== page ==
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Education and training futures in horticulture and horticultural science

Aldous, D., Dixon, G. R., Darnell, R., L. and Pratley, J., E. (2014) Education and training futures in horticulture and horticultural science. In: Dixon, G. R. and Aldous, D. (eds.) Horticulture: plants for people and places. Springer Science + Business Media, Dordrecht, The Netherlands, pp. 1087-1115. ISBN 9789401785594

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To link to this item DOI: 10.1007/978-94-017-8560-0_6

Abstract/Summary

Horticultural knowledge and skills training have been with humankind for some 10,000 to 20,000 years. With permanent settlement and rising wealth and trade, horticulture products and services became a source of fresh food for daily consumption, and a source of plant material in developing a quality environment and lifestyle. The knowledge of horticulture and the skills of its practitioners have been demonstrated through the advancing civilizations in both eastern and western countries. With the rise of the Agricultural Revolutions in Great Britain, and more widely across Continental Europe in the 17th and 18th centuries, as well as the move towards colonisation and early migration to the New Worlds, many westernised countries established the early institutions that would provide education and training in agriculture and horticulture. Today many of these colleges and universities provide undergraduate, postgraduate and vocational and technical training that specifically targets horticulture and/or horticultural science with some research and teaching institutions also providing extension and advisory services to industry. The objective of this chapter is to describe the wider pedagogic and educational context in which those concerned with horticulture operate, the institutional structures that target horticulture and horticultural science education and training internationally; examine changing educational formats, especially distance education; and consider strategies for attracting and retaining young people in the delivery of world-class horticultural education. In this chapter we set the context by investigating the horticultural education and training options available, the constraints that prevent young people entering horticulture, and suggest strategies that would attract and retain these students. We suggest that effective strategies and partnerships be put in place by the institution, the government and most importantly the industry to provide for undergraduate and postgraduate education in horticulture and horticultural science; that educational and vocational training institutions, government, and industry need to work more effectively together to improve communication about horticulture and horticultural science in order to attract enrolments of more and talented students; and that the horticulture curriculum be continuously evaluated and revised so that it remains relevant to future challenges facing the industries of horticulture in the production, environmental and social spheres. These strategies can be used as a means to develop successful programs and case studies that would provide better information to high school career counsellors, improve the image of horticulture and encourage greater involvement from alumni and the industries in recruitment, provide opportunities to improve career aspirations, ensure improved levels of remuneration, and promote the social features of the profession and greater awareness and recognition of the profession in the wider community. A successful career in horticulture demands intellectual capacities which are capable of drawing knowledge from a wide field of basic sciences, economics and the humanities and integrating this into academic scholarship and practical technologies.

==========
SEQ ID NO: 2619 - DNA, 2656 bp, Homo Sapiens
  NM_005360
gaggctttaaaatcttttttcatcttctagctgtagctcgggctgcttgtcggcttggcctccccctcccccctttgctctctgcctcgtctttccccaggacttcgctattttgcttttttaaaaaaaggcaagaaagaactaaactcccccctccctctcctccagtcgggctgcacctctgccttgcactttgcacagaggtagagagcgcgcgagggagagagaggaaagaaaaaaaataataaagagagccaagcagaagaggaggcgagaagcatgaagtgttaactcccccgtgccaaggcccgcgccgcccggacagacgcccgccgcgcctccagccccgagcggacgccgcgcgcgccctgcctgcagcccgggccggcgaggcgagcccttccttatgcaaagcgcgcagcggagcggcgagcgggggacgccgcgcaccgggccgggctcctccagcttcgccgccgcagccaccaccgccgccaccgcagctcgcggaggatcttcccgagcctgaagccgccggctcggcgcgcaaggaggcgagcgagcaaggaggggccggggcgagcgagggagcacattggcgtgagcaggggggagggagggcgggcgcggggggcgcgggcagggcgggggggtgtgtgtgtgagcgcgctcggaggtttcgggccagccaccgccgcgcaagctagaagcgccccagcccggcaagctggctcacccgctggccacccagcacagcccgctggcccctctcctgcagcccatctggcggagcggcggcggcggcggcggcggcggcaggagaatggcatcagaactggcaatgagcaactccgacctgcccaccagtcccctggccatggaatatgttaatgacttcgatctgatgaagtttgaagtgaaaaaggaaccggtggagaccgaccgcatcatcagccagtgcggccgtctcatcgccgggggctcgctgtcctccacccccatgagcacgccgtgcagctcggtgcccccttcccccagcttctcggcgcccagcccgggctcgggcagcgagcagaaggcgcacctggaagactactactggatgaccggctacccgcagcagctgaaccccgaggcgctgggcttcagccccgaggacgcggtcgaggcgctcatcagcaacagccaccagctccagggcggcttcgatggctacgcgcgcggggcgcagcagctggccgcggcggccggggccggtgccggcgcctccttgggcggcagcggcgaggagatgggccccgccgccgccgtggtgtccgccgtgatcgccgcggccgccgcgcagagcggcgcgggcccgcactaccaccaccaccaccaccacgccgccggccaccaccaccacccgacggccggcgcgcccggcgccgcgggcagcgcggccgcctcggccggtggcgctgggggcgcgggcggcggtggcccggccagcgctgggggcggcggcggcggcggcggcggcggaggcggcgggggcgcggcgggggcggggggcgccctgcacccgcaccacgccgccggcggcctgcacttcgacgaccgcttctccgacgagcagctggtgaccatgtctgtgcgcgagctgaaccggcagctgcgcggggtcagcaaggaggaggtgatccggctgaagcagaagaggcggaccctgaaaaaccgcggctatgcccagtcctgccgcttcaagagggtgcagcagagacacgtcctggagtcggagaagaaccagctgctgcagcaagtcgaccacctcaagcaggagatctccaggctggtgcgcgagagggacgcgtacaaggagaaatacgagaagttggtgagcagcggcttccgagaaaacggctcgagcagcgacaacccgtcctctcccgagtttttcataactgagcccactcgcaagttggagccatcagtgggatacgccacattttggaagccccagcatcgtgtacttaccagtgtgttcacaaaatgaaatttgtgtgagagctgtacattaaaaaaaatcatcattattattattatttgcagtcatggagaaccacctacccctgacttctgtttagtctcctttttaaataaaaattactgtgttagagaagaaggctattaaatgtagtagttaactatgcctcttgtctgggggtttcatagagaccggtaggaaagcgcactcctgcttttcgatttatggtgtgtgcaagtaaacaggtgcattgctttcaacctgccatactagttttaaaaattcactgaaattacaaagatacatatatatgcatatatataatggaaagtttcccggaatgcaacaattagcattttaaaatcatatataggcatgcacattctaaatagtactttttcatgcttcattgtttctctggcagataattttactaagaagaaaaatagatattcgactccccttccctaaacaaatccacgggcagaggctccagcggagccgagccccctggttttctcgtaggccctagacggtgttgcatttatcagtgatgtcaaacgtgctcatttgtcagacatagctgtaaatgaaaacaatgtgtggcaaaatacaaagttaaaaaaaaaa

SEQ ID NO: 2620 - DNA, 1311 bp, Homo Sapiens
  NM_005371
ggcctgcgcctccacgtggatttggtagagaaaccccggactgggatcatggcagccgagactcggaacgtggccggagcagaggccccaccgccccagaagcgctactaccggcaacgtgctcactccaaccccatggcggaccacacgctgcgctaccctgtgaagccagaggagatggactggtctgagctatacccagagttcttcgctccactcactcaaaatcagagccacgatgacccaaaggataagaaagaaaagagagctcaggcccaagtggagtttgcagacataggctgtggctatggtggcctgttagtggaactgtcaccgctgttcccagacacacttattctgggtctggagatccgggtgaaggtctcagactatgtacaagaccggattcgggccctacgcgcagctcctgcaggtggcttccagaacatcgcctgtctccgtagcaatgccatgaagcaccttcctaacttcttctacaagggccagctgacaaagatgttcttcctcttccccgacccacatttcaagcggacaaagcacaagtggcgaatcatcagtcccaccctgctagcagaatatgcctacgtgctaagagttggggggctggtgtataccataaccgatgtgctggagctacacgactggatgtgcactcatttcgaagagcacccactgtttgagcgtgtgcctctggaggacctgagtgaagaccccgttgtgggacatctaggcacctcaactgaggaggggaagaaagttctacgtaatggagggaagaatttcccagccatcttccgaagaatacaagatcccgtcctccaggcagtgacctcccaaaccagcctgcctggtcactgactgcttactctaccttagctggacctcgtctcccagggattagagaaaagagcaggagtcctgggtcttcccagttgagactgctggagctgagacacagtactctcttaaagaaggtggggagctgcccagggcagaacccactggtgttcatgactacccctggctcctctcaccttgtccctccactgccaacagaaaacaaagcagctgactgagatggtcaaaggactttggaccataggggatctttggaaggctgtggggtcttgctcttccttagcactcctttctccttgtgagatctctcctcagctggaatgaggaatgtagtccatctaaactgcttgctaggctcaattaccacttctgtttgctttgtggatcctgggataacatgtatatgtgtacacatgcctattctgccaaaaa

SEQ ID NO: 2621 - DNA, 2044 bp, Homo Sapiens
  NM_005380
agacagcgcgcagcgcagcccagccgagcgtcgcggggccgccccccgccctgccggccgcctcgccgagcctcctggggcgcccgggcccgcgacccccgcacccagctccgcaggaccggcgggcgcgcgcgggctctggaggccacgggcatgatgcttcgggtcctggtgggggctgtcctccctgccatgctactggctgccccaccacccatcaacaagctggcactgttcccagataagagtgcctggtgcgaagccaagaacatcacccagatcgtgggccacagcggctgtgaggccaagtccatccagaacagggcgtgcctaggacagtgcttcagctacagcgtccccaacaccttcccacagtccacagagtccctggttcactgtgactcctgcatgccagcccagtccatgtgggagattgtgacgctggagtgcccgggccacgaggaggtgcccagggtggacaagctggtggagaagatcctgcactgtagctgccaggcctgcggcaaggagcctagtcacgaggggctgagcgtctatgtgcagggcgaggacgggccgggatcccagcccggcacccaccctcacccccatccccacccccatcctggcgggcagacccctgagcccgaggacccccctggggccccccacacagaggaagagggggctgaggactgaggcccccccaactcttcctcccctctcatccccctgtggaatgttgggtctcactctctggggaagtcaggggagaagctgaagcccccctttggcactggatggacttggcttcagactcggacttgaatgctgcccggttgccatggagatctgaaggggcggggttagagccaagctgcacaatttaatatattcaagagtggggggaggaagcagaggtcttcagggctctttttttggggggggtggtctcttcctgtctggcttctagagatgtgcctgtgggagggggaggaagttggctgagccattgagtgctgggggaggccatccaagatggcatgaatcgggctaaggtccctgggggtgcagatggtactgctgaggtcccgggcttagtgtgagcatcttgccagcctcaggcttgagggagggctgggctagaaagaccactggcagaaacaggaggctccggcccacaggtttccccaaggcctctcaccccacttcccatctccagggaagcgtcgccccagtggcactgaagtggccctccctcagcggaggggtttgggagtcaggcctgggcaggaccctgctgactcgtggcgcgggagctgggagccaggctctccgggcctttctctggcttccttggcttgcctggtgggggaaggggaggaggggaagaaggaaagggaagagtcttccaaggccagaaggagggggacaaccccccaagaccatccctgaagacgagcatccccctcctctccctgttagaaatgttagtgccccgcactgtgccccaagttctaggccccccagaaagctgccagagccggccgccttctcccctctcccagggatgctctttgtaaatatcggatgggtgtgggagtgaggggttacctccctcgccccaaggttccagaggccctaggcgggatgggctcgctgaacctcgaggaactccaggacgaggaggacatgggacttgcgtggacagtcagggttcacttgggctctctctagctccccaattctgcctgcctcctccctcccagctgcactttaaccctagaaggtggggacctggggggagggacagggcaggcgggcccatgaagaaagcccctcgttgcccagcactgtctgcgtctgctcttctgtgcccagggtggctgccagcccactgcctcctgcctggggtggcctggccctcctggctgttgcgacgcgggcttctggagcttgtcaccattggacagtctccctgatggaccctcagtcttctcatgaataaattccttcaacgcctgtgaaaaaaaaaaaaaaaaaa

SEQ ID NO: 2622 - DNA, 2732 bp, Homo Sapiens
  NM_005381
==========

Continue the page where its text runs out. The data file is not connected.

Item Type:Book or Report Section
Refereed:Yes
Divisions:Faculty of Life Sciences > School of Agriculture, Policy and Development > Biodiversity, Crops and Agroecosystems Division > Crops Research Group
ID Code:56770
Publisher:Springer Science + Business Media

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